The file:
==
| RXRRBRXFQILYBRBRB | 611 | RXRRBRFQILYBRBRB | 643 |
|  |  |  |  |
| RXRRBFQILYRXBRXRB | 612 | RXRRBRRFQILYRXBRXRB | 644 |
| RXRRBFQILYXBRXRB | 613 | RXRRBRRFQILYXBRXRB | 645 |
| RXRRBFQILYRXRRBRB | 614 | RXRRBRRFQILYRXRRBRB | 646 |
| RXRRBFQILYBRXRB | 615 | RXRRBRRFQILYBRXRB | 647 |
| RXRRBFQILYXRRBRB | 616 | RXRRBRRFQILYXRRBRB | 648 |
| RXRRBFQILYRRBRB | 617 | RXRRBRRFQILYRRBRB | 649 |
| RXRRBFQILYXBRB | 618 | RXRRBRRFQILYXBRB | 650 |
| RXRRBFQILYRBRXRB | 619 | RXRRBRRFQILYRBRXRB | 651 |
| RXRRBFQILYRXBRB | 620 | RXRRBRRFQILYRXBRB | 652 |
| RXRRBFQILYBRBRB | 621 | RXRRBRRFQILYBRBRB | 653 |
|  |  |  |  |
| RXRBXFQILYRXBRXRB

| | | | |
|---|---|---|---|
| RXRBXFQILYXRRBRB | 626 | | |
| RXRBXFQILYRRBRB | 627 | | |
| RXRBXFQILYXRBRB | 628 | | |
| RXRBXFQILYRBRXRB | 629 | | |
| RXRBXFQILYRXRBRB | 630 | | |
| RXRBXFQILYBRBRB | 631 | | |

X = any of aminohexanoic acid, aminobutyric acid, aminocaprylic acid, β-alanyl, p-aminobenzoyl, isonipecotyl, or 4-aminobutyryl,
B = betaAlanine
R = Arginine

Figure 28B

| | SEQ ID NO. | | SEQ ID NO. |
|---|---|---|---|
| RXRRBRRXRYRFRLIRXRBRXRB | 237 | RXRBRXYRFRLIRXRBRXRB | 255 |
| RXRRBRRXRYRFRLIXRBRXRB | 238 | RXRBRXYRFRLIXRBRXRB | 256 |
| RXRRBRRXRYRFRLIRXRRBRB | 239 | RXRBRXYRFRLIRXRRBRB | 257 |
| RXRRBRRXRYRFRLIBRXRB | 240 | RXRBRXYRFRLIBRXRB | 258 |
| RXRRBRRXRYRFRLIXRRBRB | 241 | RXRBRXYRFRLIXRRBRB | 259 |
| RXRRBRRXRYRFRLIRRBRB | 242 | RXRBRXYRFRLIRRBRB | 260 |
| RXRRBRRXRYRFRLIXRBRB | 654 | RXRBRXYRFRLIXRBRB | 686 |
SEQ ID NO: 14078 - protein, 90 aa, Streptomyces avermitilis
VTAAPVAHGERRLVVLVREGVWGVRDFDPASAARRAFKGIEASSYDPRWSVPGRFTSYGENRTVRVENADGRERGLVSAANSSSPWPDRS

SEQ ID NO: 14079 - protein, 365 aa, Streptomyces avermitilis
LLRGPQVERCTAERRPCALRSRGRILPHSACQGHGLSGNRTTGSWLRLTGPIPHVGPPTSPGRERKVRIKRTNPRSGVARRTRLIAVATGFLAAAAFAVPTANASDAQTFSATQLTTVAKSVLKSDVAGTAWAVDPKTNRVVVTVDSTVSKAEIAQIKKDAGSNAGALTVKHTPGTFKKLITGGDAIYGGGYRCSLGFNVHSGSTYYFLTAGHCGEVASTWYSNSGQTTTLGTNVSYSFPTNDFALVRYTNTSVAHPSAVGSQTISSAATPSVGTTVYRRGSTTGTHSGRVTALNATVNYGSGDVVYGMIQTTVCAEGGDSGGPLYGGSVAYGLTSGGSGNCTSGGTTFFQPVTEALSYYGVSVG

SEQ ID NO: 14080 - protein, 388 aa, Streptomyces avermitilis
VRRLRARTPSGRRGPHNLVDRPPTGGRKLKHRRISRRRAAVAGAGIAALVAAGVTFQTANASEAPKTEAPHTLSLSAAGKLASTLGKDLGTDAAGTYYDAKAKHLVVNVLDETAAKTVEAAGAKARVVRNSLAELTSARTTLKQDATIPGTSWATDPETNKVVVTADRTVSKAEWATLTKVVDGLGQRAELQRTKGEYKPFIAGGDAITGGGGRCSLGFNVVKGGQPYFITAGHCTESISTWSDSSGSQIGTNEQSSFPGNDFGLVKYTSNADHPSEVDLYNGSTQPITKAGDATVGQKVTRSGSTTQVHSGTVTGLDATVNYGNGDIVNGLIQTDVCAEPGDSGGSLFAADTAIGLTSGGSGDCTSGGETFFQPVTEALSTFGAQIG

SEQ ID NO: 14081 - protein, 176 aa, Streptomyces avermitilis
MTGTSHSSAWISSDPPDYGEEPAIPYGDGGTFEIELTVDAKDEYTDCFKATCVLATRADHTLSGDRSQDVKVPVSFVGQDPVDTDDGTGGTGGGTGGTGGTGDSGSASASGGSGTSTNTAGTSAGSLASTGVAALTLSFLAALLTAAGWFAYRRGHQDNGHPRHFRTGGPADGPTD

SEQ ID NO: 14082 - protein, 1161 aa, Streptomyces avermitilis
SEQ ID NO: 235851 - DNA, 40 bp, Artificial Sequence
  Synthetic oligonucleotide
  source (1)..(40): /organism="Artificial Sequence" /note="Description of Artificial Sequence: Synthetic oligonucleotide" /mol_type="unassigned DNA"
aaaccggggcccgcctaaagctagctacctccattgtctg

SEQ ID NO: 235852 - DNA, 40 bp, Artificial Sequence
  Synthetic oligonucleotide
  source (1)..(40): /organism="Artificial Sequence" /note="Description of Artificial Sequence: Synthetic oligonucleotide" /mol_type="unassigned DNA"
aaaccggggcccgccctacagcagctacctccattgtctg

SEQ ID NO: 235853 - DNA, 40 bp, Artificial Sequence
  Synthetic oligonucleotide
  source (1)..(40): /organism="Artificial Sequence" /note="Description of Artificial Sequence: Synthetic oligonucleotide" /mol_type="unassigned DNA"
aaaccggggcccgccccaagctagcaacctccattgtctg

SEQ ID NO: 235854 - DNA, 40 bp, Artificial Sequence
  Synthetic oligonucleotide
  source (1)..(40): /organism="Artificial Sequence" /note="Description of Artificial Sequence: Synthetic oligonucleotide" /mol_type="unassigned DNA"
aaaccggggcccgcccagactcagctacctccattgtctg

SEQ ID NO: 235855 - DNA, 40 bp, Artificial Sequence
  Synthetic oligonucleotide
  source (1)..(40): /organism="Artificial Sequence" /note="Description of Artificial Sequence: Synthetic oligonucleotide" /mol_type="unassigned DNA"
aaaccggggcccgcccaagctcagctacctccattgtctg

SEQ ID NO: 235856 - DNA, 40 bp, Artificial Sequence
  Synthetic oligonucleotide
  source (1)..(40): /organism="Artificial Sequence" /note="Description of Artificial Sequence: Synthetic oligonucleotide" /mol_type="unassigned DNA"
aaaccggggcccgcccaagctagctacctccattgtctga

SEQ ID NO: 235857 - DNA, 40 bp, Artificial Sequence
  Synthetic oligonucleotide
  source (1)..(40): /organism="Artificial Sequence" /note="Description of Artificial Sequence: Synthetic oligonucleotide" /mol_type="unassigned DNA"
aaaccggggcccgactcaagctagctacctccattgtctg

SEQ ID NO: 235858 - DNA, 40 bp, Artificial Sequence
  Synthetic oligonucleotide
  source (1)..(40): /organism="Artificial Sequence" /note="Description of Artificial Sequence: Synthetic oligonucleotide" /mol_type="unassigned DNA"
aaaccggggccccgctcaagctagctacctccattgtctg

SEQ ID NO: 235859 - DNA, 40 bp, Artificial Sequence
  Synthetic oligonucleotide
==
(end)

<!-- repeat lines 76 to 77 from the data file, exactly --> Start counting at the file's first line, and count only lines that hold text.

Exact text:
aaaccggggccccgctcaagctagctacctccattgtctg

SEQ ID NO: 235859 - DNA, 40 bp, Artificial Sequence